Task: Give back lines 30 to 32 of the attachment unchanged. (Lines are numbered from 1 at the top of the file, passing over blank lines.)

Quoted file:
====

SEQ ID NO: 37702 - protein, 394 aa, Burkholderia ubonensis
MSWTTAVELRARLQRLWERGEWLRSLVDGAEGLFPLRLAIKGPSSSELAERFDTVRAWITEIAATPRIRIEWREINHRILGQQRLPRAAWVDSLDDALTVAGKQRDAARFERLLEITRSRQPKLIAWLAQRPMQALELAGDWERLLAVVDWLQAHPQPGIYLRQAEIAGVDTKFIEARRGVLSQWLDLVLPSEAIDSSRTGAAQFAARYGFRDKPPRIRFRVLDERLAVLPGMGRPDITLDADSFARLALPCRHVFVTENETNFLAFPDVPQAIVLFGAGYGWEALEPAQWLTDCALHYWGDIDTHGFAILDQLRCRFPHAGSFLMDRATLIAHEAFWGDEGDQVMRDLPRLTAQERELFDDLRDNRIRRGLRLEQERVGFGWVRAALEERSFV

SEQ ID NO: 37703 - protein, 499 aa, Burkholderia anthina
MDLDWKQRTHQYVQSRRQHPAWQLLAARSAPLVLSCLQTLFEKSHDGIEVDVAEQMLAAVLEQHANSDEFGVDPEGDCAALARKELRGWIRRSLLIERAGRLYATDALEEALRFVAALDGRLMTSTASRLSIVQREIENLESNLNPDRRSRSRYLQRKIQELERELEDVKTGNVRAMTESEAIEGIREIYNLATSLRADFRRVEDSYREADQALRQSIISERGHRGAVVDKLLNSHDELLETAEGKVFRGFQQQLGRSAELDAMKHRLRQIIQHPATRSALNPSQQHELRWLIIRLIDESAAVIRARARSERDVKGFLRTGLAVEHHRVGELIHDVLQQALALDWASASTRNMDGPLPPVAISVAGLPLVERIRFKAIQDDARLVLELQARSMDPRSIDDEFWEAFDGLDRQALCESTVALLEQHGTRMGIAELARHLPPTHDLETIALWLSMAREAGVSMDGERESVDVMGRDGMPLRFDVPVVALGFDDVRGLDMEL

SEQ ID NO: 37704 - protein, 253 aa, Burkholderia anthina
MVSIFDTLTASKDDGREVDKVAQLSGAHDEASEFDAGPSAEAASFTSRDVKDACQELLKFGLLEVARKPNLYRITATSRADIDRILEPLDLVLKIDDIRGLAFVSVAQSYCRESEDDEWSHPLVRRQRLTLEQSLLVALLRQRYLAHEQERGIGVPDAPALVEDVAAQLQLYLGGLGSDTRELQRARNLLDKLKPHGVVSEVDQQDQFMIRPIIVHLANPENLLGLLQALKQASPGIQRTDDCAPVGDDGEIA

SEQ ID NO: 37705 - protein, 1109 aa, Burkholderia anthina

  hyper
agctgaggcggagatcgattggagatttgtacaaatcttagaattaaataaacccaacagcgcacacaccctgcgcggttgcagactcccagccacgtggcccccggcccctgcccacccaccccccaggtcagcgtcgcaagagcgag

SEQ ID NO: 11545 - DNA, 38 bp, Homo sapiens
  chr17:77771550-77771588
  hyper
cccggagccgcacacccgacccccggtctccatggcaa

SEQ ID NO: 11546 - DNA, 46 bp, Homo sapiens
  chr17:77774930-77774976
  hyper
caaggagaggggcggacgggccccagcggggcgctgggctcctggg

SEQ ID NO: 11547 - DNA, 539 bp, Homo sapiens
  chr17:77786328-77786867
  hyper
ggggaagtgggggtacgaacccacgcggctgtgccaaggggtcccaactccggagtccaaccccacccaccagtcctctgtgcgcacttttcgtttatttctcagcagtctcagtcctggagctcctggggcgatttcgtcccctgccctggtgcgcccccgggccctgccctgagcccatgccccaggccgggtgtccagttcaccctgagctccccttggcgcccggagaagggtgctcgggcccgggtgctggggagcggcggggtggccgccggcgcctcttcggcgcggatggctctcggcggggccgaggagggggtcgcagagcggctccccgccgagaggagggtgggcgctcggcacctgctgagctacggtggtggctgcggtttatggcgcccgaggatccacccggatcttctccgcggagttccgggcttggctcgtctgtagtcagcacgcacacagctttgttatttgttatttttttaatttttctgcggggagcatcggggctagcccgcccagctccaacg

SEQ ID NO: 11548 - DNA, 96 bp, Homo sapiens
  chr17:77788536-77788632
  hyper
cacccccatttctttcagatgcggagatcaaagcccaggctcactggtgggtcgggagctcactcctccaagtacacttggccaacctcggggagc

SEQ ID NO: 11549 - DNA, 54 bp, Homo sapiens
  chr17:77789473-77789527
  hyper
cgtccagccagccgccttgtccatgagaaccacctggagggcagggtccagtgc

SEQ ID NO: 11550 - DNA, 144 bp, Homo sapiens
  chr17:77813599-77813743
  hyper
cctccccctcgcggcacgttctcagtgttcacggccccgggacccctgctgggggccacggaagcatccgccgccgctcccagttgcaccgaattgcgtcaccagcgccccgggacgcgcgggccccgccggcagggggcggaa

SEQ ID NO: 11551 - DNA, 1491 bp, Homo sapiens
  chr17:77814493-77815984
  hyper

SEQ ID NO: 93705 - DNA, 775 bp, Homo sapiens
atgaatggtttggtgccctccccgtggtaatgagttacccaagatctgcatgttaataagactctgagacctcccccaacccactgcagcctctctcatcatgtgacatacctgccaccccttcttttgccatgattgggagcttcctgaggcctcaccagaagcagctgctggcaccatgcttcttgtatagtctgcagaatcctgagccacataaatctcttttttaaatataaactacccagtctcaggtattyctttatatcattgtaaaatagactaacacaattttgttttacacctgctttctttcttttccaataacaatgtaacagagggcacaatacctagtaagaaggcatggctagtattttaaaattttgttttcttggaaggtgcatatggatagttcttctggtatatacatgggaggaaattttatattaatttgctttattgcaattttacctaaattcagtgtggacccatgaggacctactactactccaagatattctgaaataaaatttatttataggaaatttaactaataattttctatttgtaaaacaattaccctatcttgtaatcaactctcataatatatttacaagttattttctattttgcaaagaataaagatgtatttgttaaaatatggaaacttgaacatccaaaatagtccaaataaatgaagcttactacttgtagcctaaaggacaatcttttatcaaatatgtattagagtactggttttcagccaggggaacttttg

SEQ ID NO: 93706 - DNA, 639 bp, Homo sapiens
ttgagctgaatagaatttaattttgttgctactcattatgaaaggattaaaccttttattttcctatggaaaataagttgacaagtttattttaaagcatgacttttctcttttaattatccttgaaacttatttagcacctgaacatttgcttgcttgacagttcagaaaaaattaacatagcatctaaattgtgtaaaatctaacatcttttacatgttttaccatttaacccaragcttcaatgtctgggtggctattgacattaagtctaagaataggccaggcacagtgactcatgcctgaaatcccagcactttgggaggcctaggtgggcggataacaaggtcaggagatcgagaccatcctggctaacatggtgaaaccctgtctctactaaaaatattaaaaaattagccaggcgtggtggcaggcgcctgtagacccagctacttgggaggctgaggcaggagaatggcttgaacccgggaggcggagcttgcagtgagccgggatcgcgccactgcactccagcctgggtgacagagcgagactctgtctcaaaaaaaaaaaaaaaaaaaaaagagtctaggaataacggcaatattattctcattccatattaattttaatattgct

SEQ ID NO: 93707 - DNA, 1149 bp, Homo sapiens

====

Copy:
SEQ ID NO: 11550 - DNA, 144 bp, Homo sapiens
  chr17:77813599-77813743
  hyper